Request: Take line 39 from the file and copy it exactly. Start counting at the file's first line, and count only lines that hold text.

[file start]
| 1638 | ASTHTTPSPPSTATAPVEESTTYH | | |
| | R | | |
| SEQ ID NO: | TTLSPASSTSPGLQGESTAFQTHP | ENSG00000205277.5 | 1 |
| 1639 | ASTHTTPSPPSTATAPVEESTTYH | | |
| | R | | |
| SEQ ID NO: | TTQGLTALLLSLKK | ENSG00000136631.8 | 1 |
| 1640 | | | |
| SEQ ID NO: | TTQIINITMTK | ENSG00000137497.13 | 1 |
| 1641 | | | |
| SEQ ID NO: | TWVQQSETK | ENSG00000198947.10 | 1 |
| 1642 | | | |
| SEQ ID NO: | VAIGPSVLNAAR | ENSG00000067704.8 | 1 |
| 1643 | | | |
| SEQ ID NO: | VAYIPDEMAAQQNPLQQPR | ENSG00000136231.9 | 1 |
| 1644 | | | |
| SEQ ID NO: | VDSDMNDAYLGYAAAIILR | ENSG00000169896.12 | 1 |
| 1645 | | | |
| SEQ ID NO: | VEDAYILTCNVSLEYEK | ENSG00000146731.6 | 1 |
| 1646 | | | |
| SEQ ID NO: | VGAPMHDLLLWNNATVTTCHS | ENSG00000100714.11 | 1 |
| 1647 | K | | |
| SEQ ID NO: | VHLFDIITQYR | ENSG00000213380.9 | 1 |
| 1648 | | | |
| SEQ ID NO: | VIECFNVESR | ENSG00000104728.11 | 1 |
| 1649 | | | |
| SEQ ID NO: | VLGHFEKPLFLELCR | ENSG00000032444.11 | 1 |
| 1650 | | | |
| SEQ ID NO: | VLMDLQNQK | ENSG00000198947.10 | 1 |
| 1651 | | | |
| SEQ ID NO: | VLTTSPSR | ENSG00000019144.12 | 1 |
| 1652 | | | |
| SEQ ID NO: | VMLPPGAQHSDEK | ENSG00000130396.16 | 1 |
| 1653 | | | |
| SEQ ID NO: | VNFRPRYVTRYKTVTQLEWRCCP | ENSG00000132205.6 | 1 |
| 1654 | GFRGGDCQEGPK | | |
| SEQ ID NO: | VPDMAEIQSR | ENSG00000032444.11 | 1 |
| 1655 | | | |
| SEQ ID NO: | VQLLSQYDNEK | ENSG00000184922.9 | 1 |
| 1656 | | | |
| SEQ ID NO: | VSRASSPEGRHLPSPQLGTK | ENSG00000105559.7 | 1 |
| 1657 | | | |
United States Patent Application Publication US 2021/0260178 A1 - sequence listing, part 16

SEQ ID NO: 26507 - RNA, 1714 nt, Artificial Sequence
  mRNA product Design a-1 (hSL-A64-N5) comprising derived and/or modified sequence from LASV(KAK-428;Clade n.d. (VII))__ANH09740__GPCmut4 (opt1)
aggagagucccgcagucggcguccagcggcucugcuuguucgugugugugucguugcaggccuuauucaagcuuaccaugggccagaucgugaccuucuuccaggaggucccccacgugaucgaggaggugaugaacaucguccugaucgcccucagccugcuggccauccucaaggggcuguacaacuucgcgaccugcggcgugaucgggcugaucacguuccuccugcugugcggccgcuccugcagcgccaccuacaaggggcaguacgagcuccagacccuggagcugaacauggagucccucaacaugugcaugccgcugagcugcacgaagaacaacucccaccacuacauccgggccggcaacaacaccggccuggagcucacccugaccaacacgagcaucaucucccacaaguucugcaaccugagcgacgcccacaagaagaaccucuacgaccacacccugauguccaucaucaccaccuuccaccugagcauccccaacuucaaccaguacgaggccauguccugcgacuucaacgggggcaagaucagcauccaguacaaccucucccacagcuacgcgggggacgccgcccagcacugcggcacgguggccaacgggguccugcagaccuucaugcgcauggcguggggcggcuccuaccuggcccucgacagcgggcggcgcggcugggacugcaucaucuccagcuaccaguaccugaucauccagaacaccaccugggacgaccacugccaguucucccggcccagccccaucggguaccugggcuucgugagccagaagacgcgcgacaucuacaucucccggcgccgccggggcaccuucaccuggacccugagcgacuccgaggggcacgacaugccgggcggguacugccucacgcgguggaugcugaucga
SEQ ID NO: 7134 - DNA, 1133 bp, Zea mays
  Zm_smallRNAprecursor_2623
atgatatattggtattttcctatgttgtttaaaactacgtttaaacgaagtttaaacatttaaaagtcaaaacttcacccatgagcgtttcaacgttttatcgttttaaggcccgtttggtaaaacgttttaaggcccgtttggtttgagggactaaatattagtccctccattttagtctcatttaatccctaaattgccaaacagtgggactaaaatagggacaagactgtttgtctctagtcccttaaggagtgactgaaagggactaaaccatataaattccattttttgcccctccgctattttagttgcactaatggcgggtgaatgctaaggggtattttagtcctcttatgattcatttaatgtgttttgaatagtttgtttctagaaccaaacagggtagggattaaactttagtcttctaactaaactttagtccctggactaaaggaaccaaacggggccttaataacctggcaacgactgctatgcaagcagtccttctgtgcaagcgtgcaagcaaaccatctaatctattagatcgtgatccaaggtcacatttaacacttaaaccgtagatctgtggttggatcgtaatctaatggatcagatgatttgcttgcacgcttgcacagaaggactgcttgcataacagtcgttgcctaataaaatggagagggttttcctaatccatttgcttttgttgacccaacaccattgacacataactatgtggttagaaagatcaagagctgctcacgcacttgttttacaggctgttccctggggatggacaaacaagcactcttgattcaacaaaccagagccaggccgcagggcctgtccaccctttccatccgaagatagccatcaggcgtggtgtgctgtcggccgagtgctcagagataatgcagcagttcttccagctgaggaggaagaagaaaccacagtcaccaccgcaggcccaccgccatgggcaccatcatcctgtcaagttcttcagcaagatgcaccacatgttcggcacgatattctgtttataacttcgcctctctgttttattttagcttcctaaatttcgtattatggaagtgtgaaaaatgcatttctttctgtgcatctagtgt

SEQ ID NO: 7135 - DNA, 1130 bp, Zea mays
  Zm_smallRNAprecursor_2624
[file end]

| 1656 | | | |